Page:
Stu Rothenberg posted Tuesday morning a piece titled: “What Happened to Jeb Bush?”
(Most of the Rothenberg and Gonzales Political Report is behind a paywall, so you may not be able to read it.)
I guess not everyone is ready give up on Jeb!, the candidate who, when he announced, was the presumptive frontrunner for the Repub nomination, but Rothenberg pretty much is. He writes that “even if [Bush] happens to surprise observers with a strong finish in New Hampshire, it is very difficult to see him as his party’s nominee.”
Bush is too moderate (at least in style), too thoughtful, too dull to fit the times. His personality doesn’t fit the needs of a crowded debate stage dominated by the bizarre booming personality of Donald Trump. But my favorite part of Rothenberg’s piece was a comparison of Bush and Trump, talking about education policy.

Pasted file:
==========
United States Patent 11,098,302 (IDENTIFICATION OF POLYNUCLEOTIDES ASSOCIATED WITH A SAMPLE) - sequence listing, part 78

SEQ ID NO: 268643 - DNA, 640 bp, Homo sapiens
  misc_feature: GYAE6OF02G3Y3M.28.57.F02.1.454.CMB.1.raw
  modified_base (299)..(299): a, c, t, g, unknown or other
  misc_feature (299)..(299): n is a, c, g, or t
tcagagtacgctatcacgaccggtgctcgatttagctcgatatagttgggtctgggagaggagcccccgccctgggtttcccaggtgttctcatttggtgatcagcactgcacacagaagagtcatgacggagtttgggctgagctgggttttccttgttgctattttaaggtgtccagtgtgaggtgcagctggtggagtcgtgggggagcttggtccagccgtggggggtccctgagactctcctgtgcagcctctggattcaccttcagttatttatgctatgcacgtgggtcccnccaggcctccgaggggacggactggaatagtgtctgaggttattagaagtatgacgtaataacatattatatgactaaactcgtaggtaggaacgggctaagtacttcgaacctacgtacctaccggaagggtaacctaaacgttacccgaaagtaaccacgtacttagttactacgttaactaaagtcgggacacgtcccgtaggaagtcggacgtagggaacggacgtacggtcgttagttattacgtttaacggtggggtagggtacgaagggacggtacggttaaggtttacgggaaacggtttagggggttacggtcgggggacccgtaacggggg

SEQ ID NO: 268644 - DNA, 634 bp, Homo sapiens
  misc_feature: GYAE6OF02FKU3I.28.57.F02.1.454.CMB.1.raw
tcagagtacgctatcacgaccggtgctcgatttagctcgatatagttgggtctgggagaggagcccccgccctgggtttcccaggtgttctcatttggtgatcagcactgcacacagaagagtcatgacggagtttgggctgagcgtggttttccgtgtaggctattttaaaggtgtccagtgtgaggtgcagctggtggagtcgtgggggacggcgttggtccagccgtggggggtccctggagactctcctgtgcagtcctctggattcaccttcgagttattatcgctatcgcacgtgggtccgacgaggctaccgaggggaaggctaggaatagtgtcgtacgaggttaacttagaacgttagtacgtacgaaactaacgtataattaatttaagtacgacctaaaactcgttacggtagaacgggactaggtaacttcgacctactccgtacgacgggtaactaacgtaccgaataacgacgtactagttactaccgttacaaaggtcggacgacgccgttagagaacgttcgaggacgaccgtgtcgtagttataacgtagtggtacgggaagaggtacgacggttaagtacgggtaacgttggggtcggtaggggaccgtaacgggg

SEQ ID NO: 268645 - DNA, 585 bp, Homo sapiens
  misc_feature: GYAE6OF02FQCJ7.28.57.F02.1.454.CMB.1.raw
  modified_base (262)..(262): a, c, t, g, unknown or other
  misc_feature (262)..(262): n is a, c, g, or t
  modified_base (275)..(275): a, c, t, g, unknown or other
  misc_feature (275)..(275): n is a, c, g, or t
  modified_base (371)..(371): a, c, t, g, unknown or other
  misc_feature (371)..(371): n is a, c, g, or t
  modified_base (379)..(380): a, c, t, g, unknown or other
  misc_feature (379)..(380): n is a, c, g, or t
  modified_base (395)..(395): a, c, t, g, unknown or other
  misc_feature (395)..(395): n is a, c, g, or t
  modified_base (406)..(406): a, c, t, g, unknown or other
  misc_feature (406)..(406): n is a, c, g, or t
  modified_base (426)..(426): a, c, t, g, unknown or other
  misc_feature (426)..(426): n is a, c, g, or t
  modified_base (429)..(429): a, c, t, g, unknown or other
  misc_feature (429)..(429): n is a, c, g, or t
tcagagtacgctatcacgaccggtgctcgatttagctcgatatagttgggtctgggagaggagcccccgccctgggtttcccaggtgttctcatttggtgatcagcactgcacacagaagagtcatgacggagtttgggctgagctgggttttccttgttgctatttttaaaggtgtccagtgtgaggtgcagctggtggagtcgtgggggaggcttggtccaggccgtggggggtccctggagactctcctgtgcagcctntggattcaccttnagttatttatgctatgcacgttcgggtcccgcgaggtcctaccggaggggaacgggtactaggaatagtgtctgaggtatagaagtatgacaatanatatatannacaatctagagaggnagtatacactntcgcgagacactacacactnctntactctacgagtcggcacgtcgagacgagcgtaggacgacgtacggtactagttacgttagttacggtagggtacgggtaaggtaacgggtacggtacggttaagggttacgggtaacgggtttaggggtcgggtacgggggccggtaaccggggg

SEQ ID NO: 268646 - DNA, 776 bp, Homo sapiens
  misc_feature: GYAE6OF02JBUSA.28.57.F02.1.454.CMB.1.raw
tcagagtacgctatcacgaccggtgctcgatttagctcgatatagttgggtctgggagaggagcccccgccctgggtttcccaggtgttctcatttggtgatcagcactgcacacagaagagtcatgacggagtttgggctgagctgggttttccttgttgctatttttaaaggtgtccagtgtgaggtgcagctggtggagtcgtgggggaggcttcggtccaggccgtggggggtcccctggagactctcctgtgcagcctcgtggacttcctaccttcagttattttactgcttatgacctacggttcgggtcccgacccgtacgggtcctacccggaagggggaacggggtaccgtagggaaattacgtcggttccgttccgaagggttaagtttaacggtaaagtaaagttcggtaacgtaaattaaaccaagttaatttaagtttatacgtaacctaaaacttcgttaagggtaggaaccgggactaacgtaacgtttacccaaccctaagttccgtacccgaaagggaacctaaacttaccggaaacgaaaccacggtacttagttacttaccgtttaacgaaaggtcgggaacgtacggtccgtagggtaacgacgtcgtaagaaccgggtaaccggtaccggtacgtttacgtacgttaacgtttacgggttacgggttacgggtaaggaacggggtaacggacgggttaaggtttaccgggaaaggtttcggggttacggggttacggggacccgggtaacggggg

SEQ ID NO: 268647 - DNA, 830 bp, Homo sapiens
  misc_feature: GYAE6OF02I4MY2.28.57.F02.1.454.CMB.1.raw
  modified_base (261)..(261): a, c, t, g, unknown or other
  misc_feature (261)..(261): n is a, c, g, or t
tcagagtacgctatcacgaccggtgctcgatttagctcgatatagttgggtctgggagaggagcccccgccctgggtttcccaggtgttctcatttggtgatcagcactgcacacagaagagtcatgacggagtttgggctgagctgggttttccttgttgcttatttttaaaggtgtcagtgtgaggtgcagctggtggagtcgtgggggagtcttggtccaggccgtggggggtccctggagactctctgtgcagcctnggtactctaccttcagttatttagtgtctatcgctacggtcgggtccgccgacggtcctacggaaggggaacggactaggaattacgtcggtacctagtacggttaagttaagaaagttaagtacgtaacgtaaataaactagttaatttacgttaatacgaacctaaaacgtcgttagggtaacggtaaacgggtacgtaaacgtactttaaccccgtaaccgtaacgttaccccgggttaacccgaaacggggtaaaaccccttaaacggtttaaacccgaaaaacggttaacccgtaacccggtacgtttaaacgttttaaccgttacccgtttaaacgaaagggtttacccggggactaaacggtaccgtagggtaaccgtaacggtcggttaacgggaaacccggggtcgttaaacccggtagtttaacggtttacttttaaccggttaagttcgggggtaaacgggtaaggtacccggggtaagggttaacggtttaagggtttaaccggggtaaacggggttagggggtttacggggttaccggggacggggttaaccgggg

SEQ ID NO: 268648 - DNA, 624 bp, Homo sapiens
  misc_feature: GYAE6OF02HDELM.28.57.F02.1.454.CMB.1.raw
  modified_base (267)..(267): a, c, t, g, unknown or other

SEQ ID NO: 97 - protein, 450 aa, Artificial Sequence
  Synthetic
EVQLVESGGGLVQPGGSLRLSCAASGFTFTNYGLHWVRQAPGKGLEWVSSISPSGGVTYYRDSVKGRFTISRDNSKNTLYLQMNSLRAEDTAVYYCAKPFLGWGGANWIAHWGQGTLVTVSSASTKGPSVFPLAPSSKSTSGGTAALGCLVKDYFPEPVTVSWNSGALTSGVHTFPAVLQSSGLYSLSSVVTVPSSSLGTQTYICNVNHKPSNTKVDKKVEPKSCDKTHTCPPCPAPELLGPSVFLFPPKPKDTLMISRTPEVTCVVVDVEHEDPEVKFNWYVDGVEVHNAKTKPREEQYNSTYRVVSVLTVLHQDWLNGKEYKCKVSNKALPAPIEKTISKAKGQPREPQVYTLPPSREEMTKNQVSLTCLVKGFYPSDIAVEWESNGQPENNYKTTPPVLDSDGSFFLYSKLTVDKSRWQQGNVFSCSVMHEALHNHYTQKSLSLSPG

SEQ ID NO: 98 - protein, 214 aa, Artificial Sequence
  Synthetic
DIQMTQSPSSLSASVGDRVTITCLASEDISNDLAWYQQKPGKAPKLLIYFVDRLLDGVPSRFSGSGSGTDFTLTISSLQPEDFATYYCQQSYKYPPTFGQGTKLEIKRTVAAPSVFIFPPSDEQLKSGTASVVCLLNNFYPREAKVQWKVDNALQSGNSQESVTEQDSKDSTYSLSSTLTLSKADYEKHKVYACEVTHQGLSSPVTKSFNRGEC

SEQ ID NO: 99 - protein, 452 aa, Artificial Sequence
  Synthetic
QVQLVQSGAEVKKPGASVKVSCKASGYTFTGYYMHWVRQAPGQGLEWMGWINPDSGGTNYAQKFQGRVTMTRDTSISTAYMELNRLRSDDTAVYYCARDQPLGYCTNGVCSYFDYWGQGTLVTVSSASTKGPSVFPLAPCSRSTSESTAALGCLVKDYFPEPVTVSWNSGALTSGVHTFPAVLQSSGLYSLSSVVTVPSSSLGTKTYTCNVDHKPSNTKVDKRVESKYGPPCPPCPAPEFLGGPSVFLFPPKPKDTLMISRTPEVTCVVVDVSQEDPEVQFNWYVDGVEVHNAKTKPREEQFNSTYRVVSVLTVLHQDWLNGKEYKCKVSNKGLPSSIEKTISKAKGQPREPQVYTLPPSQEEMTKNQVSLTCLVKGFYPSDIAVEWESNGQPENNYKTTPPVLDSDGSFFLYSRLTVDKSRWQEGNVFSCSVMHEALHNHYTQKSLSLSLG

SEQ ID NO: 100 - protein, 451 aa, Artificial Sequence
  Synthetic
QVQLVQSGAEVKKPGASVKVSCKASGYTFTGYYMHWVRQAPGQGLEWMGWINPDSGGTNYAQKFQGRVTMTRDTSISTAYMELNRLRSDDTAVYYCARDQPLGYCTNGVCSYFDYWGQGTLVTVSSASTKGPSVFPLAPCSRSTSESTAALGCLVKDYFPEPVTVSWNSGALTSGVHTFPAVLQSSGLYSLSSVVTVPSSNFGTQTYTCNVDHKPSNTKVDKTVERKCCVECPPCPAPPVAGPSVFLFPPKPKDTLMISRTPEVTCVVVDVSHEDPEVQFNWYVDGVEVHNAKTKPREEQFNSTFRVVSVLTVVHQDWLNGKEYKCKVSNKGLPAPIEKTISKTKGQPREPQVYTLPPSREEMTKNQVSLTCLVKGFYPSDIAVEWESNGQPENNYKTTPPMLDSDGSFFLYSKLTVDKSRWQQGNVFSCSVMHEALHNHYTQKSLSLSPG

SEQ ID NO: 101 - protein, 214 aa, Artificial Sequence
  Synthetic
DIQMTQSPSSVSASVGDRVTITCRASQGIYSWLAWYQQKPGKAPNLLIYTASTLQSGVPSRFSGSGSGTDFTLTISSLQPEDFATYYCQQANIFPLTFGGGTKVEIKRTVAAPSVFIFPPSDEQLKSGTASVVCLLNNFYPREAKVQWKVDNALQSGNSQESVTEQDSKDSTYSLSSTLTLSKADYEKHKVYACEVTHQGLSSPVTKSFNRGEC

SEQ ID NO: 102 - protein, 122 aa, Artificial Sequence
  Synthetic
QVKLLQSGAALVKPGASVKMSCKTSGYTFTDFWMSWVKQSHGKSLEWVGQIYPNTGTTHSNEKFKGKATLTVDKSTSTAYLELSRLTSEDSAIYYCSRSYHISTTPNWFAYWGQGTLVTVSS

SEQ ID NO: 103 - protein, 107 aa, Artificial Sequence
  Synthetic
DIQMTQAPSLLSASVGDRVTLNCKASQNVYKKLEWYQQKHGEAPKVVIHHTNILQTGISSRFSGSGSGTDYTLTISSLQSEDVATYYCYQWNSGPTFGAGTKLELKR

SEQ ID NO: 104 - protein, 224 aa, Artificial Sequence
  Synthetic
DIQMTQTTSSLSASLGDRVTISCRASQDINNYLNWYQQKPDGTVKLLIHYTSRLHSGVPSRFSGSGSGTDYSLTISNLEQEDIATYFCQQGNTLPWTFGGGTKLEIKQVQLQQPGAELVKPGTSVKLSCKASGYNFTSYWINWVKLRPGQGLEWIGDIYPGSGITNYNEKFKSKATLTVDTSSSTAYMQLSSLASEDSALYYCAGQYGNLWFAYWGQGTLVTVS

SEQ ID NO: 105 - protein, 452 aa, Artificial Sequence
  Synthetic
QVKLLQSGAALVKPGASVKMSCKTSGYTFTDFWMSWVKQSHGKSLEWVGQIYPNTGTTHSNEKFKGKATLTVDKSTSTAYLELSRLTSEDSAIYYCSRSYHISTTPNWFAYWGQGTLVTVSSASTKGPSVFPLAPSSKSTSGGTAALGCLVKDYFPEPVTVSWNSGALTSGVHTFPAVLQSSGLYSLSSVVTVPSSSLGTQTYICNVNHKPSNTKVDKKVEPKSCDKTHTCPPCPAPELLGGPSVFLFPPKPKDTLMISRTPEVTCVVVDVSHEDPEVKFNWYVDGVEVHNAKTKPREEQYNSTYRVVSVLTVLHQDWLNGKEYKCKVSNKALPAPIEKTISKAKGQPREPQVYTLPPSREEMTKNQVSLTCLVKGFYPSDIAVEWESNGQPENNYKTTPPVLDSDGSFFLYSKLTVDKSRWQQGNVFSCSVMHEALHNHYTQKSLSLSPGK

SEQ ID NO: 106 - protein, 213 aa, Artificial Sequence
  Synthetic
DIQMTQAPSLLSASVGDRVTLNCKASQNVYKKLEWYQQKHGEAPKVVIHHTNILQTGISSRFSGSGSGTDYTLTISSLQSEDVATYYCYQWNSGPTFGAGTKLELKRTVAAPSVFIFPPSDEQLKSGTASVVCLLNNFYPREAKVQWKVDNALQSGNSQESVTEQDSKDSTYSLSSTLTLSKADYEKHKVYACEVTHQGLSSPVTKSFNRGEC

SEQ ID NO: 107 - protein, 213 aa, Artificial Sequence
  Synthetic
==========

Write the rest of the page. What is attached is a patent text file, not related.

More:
Rothenberg recalled an event in Florida years ago, the first time he saw Bush, who was then governor. From the audience at the event came a request that Bush talk about education reform.
“Sure,” said the governor without hesitation, getting up quickly and walking to the podium. He wasted little time jumping into a discussion of his education reform agenda, offering thoughtful, policy-filled comments about the challenges the state faced in education and ideas about what Florida could do.
I don’t remember any of the details of his presentation, but I do recall my impressions of him. Bush sounded smart, serious and enthusiastic. He showed energy and passion. He was entirely comfortable talking policy. And he knew his numbers.
Then Rothenberg recounts what happened when someone he knows had an occasion in New Hampshire to ask Trump about the same topic. It went like this:
“What are your thoughts about education?” the man asked Trump, giving the candidate plenty of freedom to address the subject any way that he wanted.
“I love education,” roared Trump effusively, according to the questioner. “And when I’m president, I’ll make it even better.” Trump then observed that teachers love him. And he noted that he attended the highly regarded Wharton school.